(Corrects to say supply deal will start Oct. 2014, not Jan. 2014. Removes analyst comment saying deal had begun, adds Centrica spokesman in paragraph 6)
* Centrica import deal with Gazprom to begin in October
* Import deal will bring 2.4 bcm of gas to the UK
By Henning Gloystein and Oleg Vukmanovic
LONDON, March 21 Britain will begin this year to import gas from Russia under a formal contract for the first time, just as European calls to loosen Moscow's grip on energy supply mount because of the crisis over Ukraine.
The country's biggest utility Centrica signed a deal in 2012 with Russian state-controlled Gazprom to import 2.4 billion cubic metres of gas over a period of three years, and the supplies will begin flowing in October.
Russia is Europe's biggest supplier of gas, providing around a third of the continent's needs, and some of this has previously reached Britain from continental European storage sites.
The exports largely go to central and southeastern Europe rather than to Britain, which still has significant domestic reserves and gets most of its imports from Norwegian pipelines or liquefied natural gas (LNG) shipments from further afield.
With domestic production falling by around 7 percent a year, Britain has had to find more suppliers to fill the gap.
Supplies under this deal will begin flowing into Britain from October, a Centrica spokesman said.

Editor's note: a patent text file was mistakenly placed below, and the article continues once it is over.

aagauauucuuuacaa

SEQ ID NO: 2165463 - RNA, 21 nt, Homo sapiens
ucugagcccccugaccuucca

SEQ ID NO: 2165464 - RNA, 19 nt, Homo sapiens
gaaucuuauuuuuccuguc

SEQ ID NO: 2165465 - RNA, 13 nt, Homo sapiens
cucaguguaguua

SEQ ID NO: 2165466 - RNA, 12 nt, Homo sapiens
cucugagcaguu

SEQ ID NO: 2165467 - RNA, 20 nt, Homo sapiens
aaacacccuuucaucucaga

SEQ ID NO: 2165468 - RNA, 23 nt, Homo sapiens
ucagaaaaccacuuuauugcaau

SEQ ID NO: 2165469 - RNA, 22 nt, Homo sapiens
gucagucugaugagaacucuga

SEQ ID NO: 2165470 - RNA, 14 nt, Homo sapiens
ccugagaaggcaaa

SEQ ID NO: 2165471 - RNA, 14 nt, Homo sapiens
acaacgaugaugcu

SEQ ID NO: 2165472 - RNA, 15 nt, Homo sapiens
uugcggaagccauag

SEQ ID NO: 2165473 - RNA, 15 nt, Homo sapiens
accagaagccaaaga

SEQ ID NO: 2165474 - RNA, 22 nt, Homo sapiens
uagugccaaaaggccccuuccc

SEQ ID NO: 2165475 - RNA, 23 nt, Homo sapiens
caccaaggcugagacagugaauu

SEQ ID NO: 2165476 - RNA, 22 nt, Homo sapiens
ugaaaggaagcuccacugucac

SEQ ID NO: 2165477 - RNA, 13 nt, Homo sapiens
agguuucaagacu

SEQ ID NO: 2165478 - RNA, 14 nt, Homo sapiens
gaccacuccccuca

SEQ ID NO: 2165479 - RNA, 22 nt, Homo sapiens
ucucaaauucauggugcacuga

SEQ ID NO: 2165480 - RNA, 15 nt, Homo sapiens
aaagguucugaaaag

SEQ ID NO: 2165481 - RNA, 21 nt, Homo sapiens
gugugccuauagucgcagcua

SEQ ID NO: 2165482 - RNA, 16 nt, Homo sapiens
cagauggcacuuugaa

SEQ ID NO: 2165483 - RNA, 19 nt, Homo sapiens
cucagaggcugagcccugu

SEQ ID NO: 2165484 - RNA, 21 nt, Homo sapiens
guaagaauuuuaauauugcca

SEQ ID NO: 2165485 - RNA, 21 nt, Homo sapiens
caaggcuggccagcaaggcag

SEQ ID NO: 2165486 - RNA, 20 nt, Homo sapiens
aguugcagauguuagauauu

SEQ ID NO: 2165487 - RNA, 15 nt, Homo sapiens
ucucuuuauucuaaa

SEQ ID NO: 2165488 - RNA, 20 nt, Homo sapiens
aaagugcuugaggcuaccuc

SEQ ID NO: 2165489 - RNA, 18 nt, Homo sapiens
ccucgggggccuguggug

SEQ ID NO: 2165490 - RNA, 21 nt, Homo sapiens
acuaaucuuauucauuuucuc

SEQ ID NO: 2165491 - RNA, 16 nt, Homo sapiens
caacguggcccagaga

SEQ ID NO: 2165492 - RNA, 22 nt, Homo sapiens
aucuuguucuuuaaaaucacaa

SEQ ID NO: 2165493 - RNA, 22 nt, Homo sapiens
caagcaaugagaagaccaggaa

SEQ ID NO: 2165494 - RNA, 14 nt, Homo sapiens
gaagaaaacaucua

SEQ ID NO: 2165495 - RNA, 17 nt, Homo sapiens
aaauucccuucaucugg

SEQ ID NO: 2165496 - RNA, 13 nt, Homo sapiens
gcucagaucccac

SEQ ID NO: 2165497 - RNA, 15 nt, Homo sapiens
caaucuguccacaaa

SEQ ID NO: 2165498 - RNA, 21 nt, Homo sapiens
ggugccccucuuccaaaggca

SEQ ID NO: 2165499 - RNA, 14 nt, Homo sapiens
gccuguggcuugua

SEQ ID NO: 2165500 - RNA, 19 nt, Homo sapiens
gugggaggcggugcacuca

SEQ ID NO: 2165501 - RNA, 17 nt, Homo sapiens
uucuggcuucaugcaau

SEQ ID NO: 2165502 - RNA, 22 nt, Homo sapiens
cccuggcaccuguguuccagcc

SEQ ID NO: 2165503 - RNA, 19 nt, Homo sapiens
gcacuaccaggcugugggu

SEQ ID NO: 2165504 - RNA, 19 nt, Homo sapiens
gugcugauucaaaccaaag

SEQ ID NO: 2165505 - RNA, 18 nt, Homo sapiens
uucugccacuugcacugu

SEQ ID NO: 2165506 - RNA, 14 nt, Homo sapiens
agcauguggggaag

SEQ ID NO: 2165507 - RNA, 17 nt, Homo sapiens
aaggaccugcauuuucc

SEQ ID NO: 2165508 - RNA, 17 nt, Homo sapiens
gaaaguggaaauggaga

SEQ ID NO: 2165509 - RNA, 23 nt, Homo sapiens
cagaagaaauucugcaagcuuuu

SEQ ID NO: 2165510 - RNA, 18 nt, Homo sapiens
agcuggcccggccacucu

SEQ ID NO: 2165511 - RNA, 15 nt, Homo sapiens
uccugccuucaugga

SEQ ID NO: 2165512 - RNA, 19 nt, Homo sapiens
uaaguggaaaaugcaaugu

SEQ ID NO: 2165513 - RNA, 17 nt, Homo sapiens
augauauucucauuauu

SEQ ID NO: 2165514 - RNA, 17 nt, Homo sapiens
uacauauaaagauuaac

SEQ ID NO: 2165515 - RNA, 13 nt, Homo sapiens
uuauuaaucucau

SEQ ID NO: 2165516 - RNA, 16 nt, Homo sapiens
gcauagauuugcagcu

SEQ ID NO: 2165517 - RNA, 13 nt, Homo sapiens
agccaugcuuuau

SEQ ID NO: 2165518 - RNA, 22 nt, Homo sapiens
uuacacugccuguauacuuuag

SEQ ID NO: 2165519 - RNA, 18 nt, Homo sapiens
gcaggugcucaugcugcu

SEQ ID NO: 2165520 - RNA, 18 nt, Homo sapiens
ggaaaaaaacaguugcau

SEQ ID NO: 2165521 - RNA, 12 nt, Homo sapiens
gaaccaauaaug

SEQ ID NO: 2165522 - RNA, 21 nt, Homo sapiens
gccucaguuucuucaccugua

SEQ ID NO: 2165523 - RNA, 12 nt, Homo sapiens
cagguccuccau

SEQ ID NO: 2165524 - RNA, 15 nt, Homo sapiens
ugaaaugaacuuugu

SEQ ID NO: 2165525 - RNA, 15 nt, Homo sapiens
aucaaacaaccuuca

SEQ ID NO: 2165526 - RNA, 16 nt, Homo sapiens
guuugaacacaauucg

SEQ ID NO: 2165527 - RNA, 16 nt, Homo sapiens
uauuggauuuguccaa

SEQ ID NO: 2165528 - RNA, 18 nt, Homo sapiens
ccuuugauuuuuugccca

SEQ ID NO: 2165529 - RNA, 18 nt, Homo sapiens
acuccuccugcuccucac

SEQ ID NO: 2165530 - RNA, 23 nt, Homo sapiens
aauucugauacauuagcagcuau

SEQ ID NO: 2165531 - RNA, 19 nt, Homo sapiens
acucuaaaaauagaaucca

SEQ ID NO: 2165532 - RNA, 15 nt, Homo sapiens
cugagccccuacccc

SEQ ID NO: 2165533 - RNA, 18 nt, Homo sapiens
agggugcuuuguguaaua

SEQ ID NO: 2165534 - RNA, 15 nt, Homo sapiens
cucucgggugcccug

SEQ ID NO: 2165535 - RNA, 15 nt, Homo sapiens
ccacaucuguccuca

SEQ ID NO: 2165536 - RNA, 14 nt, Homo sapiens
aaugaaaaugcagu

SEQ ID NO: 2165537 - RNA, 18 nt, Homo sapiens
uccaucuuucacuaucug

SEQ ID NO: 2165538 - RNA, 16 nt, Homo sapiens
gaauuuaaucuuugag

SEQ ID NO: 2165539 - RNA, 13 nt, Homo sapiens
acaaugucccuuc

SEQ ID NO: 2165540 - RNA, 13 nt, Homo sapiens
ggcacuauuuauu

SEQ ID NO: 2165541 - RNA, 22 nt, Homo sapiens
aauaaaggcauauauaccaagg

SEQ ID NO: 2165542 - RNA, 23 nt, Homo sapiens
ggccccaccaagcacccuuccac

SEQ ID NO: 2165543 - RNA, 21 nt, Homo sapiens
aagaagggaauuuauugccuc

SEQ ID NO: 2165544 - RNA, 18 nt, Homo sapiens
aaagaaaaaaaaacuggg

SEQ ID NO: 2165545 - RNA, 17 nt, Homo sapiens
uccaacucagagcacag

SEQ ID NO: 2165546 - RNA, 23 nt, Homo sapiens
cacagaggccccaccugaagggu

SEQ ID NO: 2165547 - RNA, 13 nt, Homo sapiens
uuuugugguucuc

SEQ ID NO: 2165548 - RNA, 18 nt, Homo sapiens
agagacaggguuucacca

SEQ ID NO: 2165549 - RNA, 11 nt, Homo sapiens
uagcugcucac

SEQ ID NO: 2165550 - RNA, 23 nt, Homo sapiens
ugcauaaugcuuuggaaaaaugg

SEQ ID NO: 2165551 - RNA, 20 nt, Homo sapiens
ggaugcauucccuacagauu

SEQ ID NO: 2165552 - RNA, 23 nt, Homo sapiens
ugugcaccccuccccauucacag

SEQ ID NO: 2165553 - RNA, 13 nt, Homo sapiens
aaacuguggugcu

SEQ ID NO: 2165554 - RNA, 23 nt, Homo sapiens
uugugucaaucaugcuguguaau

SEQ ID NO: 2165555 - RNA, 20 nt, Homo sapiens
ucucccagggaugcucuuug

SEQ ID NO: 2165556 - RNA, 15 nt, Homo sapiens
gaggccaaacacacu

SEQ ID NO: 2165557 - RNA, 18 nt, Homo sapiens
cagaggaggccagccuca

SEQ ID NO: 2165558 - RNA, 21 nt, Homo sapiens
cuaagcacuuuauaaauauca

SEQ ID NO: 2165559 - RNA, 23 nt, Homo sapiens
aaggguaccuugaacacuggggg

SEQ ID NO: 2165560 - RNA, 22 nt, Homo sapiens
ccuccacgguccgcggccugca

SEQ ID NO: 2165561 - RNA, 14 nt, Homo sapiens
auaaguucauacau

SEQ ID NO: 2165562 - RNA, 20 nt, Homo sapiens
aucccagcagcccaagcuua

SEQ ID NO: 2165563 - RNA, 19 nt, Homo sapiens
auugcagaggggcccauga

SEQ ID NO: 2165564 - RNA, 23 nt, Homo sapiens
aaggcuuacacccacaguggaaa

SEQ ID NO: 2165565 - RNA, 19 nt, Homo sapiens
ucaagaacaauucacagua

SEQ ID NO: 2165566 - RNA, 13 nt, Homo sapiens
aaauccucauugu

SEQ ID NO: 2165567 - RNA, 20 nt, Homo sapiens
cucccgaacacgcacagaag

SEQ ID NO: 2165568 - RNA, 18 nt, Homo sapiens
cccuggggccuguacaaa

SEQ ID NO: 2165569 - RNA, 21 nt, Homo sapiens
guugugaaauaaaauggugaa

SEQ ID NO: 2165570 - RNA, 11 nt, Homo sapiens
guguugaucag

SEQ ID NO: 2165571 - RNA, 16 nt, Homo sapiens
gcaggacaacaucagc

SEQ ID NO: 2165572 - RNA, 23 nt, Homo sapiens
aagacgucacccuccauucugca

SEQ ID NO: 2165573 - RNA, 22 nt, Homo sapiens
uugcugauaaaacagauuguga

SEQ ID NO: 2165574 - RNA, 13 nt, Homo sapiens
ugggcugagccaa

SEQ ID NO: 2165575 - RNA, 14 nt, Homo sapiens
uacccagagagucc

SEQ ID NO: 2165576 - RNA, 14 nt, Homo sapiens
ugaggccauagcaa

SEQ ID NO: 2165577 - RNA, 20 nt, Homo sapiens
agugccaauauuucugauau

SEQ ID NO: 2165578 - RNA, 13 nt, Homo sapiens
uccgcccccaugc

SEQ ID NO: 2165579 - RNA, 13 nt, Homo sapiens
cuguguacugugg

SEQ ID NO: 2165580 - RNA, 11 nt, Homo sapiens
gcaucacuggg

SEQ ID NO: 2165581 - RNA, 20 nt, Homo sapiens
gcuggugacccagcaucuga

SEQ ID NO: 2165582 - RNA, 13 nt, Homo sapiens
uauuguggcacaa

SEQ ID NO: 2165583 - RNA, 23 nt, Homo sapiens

While this is the first direct contractual deal, it is not the first time Britain has used Russian gas to heat homes and fuel power plants.
Gazprom estimates it sends around 11 billion-12 billion cubic metres (bcm) to Britain each year, accounting for around 15 percent of total UK supplies.
These sales involve volumes that Britain sucks in from mainland European countries during times of peak demand. The majority of Russian gas imported into Britain in recent years has been sourced from storage sites in Germany, largely filled with Russian supply.
European Union leaders in Brussels on Friday discussed moving energy supplies away from Russia, saying Moscow's annexation of Crimea made them more determined to reduce dependence on Russian oil and gas.
A British government circulated to other EU governments has proposed options for cutting dependence on Russia that include asking the United States to export more gas and working with Iraq. (Editing by Anthony Barker)